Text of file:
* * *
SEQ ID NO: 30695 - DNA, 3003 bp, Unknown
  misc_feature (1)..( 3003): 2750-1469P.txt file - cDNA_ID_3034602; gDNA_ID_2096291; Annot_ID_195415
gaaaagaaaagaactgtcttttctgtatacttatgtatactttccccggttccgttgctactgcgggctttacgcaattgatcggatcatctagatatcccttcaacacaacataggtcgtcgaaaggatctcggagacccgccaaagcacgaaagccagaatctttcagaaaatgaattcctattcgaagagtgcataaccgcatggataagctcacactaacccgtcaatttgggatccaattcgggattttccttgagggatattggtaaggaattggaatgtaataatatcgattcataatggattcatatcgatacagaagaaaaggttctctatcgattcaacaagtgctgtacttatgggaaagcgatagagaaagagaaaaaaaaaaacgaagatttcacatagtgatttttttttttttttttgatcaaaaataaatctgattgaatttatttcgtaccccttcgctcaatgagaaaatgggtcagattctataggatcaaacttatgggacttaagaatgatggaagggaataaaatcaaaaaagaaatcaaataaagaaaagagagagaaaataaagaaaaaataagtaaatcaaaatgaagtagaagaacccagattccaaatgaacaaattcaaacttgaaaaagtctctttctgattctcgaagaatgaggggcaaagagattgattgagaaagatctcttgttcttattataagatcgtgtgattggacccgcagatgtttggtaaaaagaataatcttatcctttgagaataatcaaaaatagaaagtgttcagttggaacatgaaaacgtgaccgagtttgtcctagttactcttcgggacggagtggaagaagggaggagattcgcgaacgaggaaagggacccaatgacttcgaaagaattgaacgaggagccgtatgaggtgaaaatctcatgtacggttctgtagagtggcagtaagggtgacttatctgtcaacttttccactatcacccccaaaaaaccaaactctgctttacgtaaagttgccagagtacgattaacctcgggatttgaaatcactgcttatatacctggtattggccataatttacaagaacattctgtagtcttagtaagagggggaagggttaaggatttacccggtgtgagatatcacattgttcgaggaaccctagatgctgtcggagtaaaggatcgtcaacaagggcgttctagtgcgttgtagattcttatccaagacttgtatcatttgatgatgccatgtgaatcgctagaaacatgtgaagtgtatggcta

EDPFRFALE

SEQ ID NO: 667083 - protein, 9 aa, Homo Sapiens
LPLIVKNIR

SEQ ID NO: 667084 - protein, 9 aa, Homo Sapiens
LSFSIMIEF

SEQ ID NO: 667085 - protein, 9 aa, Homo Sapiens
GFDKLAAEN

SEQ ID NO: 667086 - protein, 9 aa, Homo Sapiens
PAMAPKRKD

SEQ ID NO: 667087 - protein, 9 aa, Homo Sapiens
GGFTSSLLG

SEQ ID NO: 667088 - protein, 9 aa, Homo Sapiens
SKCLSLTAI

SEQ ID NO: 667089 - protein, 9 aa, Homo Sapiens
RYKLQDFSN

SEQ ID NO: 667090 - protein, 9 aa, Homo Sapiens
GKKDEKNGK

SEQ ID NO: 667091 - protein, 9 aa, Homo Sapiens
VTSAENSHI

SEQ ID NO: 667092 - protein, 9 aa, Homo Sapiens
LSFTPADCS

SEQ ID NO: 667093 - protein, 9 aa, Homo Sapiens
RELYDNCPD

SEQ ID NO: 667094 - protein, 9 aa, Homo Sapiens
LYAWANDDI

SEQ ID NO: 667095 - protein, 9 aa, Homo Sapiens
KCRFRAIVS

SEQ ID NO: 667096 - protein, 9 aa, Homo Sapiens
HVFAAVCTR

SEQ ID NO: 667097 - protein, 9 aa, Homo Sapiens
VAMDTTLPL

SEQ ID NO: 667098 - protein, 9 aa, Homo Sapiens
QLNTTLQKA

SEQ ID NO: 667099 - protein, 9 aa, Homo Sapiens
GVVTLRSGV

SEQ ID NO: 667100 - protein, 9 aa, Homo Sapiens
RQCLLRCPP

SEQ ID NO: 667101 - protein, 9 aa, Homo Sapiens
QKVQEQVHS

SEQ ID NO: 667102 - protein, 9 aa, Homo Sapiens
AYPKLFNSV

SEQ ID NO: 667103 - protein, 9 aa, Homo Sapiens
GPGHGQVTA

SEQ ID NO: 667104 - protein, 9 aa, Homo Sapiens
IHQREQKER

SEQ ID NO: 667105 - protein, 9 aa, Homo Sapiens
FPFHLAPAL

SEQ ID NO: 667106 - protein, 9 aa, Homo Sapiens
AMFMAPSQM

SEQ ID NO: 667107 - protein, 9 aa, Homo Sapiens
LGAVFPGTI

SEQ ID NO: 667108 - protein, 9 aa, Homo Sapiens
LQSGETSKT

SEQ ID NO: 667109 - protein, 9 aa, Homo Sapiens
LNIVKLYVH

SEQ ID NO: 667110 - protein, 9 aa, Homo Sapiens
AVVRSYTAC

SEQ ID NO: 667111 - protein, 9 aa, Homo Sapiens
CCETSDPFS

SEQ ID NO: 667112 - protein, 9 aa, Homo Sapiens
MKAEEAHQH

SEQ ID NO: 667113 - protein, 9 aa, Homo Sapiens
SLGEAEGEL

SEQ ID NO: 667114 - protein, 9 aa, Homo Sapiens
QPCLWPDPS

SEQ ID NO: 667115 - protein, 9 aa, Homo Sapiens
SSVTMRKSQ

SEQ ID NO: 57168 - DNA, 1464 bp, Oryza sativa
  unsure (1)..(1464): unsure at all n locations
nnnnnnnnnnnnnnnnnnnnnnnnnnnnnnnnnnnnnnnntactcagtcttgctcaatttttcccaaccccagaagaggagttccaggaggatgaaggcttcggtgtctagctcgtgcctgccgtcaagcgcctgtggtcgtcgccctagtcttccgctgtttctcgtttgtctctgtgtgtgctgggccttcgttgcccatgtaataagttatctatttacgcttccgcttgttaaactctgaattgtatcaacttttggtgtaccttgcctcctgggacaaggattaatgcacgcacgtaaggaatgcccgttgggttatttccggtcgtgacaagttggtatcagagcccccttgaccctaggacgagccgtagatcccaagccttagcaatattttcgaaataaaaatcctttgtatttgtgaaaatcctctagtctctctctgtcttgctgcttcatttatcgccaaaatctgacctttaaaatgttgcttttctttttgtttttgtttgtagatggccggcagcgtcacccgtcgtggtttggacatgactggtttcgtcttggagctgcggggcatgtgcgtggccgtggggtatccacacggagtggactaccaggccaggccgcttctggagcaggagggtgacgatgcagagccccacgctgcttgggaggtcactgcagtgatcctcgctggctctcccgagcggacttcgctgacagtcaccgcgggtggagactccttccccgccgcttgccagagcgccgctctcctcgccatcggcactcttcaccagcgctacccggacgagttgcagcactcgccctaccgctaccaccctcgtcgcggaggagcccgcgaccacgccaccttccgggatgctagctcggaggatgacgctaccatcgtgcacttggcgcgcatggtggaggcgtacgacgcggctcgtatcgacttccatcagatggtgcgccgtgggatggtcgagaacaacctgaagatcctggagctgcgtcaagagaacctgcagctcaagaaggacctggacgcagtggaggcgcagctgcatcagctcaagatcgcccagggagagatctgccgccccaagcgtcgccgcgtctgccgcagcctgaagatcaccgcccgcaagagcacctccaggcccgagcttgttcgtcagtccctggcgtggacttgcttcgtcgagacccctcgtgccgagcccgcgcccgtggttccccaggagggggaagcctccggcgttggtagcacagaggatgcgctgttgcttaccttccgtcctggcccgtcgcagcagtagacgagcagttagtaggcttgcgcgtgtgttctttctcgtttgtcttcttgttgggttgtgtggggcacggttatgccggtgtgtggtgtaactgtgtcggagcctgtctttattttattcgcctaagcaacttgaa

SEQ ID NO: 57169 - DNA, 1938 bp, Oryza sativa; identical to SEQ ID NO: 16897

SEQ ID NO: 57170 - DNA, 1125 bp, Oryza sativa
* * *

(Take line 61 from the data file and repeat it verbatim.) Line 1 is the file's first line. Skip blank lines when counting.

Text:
SEQ ID NO: 667111 - protein, 9 aa, Homo Sapiens